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J Immunol. 2008 Jul 15;181(2):940-7.

Histone acetylation and flagellin are essential for Legionella pneumophila-induced cytokine expression.

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FORSYS Junior Research Group, Systems Biology of Lung Inflammation, Charité-Universitätsmedizin, Berlin, Germany.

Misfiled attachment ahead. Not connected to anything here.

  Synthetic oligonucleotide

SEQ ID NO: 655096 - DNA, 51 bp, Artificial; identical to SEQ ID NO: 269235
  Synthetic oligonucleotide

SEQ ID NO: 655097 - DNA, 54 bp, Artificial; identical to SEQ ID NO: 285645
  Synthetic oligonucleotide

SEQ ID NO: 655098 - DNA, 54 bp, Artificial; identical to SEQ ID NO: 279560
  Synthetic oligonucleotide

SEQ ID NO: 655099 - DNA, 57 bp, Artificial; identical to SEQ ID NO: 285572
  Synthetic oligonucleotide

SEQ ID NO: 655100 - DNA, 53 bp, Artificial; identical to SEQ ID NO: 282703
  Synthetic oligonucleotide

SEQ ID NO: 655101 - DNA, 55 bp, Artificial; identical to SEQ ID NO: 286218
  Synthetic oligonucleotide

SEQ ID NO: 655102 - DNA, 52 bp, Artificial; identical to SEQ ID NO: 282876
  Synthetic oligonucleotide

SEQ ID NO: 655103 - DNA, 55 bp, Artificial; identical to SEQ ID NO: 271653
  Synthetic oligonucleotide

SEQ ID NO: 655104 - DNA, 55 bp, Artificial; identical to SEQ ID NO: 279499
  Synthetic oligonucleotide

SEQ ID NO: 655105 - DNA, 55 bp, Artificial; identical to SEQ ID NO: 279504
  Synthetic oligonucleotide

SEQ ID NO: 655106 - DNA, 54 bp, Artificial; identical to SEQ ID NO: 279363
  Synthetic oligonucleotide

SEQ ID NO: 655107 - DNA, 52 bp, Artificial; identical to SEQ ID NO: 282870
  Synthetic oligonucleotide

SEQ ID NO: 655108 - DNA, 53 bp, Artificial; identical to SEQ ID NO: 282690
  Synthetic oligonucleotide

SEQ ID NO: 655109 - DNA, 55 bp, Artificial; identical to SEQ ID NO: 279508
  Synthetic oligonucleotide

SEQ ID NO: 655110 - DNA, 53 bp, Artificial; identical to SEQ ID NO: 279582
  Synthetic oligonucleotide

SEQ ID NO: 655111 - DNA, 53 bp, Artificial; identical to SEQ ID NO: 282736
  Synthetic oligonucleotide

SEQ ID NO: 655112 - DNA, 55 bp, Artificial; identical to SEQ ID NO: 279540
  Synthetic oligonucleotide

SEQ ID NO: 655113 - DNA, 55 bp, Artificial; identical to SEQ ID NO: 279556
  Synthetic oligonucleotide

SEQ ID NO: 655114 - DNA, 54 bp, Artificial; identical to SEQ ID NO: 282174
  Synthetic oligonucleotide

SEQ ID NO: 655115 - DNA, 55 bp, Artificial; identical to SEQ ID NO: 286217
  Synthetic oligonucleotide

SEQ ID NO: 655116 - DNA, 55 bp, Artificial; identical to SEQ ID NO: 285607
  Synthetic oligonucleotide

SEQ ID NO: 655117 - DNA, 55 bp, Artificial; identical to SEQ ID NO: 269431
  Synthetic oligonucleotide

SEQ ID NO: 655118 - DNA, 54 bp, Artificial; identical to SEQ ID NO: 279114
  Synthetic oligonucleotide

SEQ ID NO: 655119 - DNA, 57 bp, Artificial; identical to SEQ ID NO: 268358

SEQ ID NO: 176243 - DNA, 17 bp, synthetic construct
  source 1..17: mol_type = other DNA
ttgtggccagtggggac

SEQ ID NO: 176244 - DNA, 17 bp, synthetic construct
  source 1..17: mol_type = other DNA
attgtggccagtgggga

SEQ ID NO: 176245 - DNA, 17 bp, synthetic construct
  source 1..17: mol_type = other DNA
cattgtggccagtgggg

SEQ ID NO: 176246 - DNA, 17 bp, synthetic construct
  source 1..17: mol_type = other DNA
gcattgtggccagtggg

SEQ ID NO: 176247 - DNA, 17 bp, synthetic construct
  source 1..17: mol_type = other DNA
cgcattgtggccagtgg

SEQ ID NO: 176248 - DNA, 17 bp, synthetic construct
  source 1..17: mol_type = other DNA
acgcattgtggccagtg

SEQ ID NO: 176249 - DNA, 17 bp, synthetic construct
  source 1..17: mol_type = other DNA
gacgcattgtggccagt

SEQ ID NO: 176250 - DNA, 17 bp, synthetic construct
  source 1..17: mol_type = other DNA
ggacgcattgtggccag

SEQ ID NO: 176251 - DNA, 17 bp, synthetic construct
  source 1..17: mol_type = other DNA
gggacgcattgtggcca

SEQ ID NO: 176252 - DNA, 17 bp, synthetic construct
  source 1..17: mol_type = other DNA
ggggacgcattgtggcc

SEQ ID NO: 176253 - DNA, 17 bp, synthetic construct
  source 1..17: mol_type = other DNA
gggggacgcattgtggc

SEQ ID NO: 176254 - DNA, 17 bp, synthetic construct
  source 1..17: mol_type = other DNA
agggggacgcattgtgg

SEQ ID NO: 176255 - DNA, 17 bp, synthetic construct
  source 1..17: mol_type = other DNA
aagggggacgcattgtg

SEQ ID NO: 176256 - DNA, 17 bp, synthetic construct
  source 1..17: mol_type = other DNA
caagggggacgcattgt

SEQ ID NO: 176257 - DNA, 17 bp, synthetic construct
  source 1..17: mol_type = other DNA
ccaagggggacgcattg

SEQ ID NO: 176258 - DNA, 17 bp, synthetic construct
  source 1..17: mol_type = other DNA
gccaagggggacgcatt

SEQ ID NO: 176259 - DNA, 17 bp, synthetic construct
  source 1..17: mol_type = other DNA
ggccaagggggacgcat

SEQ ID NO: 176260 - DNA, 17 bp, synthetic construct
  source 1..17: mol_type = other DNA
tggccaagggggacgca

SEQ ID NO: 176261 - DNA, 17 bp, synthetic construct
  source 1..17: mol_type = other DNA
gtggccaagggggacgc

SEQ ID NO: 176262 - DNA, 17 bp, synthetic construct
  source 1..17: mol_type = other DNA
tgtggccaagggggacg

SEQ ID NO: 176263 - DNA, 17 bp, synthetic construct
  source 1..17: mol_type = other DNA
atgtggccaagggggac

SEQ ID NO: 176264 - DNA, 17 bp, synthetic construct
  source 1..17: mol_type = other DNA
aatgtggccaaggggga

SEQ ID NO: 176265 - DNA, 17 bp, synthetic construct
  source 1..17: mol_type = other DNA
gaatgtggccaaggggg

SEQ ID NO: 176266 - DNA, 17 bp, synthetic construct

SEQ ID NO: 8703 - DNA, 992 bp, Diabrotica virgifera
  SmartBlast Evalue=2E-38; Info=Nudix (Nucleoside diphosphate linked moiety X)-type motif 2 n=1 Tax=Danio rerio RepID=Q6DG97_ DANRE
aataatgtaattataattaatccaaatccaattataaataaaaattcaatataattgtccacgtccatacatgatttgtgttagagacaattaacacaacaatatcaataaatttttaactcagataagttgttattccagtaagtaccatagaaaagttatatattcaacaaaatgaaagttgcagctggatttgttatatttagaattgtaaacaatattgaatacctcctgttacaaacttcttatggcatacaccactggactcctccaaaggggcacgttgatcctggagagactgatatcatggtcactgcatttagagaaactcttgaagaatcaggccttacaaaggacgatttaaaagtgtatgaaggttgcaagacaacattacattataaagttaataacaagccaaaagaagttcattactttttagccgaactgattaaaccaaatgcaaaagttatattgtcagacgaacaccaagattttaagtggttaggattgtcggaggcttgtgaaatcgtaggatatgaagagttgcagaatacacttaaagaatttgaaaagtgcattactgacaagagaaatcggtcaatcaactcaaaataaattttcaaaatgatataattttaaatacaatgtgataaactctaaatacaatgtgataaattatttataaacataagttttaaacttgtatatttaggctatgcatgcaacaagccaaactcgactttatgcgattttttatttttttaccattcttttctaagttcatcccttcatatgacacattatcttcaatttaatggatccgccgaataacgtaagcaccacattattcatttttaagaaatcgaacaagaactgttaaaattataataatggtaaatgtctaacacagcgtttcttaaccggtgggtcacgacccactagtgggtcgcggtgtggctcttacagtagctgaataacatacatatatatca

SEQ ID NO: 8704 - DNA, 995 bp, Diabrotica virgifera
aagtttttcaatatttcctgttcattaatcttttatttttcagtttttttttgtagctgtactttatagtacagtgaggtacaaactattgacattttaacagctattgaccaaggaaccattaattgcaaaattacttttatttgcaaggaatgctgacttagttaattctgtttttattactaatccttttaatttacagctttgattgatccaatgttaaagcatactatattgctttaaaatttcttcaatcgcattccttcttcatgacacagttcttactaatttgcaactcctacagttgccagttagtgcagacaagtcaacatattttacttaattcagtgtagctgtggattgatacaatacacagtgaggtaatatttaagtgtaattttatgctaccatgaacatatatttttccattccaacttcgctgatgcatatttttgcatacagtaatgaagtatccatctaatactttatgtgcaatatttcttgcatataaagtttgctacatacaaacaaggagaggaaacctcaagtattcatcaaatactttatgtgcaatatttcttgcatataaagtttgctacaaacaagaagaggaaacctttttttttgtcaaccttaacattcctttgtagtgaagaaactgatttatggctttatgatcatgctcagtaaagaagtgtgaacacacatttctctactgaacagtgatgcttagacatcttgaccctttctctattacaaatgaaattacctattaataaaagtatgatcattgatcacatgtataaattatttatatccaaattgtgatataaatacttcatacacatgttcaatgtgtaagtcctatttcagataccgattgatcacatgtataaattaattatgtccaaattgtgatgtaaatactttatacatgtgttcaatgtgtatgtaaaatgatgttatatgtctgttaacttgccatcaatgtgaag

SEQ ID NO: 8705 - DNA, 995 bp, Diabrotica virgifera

Legionella pneumophila causes severe pneumonia. Acetylation of histones is thought to be an important regulator of gene transcription, but its impact on L. pneumophila-induced expression of proinflammatory cytokines is unknown. L. pneumophila strain 130b induced the expression of the important chemoattractant IL-8 and genome-wide histone modifications in human lung epithelial A549 cells. We analyzed the IL-8-promoter and found that histone H4 was acetylated and H3 was phosphorylated at Ser(10) and acetylated at Lys(14), followed by transcription factor NF-kappaB. Recruitment of RNA polymerase II to the IL-8 promoter corresponded with increases in gene transcription. Histone modification and IL-8 release were dependent on p38 kinase and NF-kappaB pathways. Legionella-induced IL-8 expression was decreased by histone acetylase (HAT) inhibitor anacardic acid and enhanced by histone deacetylase (HDAC) inhibitor trichostatin A. After Legionella infection, HATs p300 and CREB-binding protein were time-dependently recruited to the IL-8 promoter, whereas HDAC1 and HDAC5 first decreased and later reappeared at the promoter. Legionella specifically induced expression of HDAC5 but not of other HDACs in lung epithelial cells, but knockdown of HDAC1 or 5 did not alter IL-8 release. Furthermore, Legionella-induced cytokine release, promoter-specific histone modifications, and RNA polymerase II recruitment were reduced in infection with flagellin-deletion mutants. Legionella-induced histone modification as well as HAT-/HDAC-dependent IL-8 release could also be shown in primary lung epithelial cells. In summary, histone acetylation seems to be important for the regulation of proinflammatory gene expression in L. pneumophila infected lung epithelial cells. These pathways may contribute to the host response in Legionnaires' disease.

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